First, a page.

The researchers, on the other hand, observed that when PEN2 is missing, the plants become more susceptible not only to grass powdery mildew fungi but also other pests ?for example, the pathogens causing late potato blight. PEN2 is therefore a basic component of the plant's immune system with a broad range of effects.
However if PEN2 is missing, the plant is not completely helpless against fungal diseases. There is still another line of defence which they have to get through. If PEN2 is missing, the plant takes a drastic step: the cell dies together with its attacker, which protects the neighbouring plant tissue from infection.
In this deadly line of defence, very different proteins play a key role ?particularly EDS1, PAD4 and SAG101. They were already known to researchers in other species of plants, which identify molecular traits only present in parasites by using immune receptors both on the cell surface and inside the cell. Only if this second mechanism also fails can the originally non-virulent grass powdery mildew fungus colonise the plant.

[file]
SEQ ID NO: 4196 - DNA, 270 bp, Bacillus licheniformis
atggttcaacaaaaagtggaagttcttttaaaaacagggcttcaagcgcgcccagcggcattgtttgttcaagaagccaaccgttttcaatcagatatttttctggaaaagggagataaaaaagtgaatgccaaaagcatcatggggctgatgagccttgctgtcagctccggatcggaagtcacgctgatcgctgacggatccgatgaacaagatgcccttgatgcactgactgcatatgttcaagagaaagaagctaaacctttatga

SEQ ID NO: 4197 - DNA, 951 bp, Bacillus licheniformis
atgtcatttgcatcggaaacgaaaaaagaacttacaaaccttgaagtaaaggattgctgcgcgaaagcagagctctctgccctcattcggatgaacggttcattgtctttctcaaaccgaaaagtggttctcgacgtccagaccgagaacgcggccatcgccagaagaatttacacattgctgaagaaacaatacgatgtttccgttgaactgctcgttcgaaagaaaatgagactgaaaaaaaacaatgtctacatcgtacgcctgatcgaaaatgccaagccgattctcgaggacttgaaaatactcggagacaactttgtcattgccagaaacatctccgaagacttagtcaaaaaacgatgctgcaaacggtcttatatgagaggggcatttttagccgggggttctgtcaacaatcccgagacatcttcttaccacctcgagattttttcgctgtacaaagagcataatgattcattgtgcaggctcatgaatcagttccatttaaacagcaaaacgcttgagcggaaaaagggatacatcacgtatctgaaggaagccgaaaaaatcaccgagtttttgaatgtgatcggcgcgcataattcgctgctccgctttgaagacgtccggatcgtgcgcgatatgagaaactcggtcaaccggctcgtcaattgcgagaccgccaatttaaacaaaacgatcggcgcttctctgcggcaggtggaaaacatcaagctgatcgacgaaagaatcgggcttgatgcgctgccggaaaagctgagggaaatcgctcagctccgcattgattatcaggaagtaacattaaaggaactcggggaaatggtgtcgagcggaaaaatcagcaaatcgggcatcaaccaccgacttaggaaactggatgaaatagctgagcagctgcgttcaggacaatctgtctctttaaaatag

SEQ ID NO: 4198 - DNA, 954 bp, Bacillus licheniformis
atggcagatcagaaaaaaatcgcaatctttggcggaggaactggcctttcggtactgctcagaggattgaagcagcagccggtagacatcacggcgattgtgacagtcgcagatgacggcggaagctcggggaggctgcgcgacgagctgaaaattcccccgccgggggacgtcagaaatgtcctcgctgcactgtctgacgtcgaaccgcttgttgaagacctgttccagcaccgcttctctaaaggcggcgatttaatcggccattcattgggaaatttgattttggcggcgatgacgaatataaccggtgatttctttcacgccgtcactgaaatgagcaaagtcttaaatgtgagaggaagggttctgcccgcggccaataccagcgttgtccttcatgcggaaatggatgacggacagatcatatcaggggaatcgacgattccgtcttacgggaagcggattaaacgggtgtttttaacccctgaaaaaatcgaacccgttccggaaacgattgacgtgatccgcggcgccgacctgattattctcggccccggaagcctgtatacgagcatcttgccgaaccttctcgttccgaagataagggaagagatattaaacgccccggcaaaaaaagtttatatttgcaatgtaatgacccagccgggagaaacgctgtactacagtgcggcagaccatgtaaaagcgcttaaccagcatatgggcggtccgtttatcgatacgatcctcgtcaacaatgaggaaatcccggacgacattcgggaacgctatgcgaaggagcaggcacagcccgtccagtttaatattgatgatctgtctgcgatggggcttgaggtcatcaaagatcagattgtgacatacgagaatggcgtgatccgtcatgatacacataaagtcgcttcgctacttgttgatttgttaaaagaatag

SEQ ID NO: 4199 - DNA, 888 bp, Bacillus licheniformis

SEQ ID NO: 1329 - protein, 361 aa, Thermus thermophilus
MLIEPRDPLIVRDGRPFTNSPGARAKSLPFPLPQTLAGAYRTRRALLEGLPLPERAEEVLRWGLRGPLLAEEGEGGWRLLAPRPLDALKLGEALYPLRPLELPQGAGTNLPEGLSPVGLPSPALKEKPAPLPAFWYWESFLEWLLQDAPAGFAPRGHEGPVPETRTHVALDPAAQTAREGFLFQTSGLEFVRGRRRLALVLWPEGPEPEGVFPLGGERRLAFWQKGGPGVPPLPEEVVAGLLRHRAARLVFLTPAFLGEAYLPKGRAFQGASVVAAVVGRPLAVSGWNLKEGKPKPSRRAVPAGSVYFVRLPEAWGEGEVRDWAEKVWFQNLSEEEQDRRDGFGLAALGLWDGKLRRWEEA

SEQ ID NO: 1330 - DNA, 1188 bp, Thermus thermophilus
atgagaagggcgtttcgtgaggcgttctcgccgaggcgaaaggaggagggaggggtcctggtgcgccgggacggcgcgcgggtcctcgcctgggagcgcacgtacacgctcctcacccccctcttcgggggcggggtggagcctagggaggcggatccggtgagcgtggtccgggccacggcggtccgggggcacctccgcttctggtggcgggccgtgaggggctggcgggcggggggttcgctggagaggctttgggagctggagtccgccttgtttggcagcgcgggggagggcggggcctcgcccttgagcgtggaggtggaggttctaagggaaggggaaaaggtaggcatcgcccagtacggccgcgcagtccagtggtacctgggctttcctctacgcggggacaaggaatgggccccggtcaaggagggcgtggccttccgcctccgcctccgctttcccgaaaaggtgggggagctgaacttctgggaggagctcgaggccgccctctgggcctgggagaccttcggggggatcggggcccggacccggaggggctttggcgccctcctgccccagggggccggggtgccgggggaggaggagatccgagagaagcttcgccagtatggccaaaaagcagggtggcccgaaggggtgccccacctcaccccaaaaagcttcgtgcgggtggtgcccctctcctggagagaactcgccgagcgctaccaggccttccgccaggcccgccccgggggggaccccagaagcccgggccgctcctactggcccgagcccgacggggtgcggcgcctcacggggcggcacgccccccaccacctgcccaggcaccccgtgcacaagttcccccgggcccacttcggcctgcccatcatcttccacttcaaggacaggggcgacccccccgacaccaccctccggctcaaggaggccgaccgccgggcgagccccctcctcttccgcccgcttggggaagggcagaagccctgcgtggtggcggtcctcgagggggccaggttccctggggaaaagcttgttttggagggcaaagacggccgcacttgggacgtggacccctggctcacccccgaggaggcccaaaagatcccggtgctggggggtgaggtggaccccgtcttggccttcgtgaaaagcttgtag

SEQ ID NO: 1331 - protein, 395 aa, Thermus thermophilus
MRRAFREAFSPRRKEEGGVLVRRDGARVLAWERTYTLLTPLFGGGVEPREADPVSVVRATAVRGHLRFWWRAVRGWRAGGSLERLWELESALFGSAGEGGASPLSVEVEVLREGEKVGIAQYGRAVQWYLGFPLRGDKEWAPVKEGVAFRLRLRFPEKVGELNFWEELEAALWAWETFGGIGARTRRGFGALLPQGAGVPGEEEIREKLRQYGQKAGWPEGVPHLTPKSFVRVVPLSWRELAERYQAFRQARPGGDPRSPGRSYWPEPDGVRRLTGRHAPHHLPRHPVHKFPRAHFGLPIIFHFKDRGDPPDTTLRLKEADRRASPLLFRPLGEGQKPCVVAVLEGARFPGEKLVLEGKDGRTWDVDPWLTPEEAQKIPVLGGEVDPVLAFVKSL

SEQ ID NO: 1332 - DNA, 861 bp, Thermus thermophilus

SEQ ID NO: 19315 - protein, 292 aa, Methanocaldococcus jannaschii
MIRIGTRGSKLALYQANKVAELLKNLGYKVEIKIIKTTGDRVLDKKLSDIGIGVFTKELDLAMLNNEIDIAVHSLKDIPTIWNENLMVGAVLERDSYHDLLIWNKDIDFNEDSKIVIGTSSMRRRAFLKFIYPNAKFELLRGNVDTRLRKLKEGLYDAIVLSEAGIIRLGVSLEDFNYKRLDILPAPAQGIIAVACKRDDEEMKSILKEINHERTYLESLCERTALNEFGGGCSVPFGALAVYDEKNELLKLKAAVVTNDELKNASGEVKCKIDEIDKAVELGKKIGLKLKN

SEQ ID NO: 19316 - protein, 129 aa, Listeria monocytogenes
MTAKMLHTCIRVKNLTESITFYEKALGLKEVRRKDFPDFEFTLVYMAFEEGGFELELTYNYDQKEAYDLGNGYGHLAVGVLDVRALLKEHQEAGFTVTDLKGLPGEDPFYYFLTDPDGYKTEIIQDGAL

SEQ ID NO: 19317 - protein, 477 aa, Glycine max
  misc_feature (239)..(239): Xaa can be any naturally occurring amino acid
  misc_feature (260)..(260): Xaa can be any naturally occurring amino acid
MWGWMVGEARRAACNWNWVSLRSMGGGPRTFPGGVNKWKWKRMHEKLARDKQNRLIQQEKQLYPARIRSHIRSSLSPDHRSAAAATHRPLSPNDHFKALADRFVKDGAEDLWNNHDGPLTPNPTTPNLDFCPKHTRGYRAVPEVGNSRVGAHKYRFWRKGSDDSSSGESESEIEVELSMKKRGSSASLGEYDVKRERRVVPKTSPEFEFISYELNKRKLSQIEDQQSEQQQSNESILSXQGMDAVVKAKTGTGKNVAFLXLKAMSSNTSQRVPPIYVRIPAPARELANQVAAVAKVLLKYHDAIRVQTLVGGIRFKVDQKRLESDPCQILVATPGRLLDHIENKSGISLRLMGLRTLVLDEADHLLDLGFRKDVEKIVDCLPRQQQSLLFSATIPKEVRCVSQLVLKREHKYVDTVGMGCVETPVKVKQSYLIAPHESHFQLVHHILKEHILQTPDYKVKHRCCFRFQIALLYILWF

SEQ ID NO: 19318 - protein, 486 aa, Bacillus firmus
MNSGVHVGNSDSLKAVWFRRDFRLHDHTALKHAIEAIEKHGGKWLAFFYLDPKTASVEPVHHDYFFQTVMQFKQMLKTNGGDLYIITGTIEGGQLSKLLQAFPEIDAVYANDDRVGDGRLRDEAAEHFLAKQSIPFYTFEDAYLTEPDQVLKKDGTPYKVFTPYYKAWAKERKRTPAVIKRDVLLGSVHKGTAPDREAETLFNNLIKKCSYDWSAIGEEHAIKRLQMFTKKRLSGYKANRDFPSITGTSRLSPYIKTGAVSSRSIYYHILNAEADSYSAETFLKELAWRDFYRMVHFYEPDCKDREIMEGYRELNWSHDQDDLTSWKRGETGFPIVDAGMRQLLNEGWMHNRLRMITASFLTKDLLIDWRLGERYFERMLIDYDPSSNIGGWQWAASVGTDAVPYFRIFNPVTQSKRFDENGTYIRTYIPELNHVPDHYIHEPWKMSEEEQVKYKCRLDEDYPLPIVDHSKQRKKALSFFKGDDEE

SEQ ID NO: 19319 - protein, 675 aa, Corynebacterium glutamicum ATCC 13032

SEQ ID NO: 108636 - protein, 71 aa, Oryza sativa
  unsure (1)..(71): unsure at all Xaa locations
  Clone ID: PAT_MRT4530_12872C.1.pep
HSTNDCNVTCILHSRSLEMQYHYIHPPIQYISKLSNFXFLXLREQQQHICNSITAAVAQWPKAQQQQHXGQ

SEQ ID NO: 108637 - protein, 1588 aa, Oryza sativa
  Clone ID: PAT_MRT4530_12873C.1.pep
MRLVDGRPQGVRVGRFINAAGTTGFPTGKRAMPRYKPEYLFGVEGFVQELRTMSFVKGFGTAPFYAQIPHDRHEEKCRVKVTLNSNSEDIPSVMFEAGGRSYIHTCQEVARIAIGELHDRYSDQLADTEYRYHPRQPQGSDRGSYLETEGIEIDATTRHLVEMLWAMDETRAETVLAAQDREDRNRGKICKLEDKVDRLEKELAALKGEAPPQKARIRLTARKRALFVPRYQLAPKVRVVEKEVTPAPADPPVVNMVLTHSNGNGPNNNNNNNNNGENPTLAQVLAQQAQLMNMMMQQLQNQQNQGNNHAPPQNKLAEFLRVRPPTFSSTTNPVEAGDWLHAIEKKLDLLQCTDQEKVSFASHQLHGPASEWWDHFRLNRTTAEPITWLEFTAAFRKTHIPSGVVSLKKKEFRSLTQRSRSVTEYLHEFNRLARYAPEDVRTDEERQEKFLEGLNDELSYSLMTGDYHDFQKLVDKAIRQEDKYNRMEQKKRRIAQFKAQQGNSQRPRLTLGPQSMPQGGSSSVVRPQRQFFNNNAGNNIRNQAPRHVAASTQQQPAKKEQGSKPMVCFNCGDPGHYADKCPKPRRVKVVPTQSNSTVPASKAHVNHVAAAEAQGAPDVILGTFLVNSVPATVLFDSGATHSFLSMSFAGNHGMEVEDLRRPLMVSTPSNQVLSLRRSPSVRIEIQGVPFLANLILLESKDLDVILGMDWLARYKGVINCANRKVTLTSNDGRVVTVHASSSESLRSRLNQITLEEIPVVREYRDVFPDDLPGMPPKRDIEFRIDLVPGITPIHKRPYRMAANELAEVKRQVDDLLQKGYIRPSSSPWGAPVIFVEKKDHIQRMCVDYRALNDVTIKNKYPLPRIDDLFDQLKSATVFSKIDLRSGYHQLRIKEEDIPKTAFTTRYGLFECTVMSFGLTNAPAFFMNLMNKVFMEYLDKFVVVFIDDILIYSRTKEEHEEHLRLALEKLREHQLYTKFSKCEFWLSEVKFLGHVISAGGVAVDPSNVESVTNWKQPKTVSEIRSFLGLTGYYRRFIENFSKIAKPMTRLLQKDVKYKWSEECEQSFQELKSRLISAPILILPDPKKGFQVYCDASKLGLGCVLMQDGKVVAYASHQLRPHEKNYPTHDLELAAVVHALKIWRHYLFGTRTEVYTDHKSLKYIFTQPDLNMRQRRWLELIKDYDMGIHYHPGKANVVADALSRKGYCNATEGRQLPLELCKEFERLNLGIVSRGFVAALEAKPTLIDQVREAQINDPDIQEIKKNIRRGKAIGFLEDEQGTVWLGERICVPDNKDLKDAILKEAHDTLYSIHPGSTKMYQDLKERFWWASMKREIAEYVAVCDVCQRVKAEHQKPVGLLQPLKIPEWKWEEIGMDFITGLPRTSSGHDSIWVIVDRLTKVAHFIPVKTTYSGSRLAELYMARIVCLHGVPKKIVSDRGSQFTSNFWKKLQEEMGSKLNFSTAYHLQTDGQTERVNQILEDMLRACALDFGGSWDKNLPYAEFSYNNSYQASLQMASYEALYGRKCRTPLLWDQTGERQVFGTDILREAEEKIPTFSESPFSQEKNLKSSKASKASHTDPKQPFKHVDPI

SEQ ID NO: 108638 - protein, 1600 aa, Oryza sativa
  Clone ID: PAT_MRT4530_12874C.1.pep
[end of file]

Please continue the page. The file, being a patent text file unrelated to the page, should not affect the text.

The Max Planck research has now demonstrated that the nonhost resistance of plants develops out of a defence system with at least two steps. These steps determine whether a plant is susceptible to a disease or not. The redundancy of the defence layers and the wide-ranging effects of PEN2 explain why, in nature, nonhost resistance is a durable and broadly effective defence mechanism. If a building block is missing from one defence layer, its function will be taken over by components of the next layer.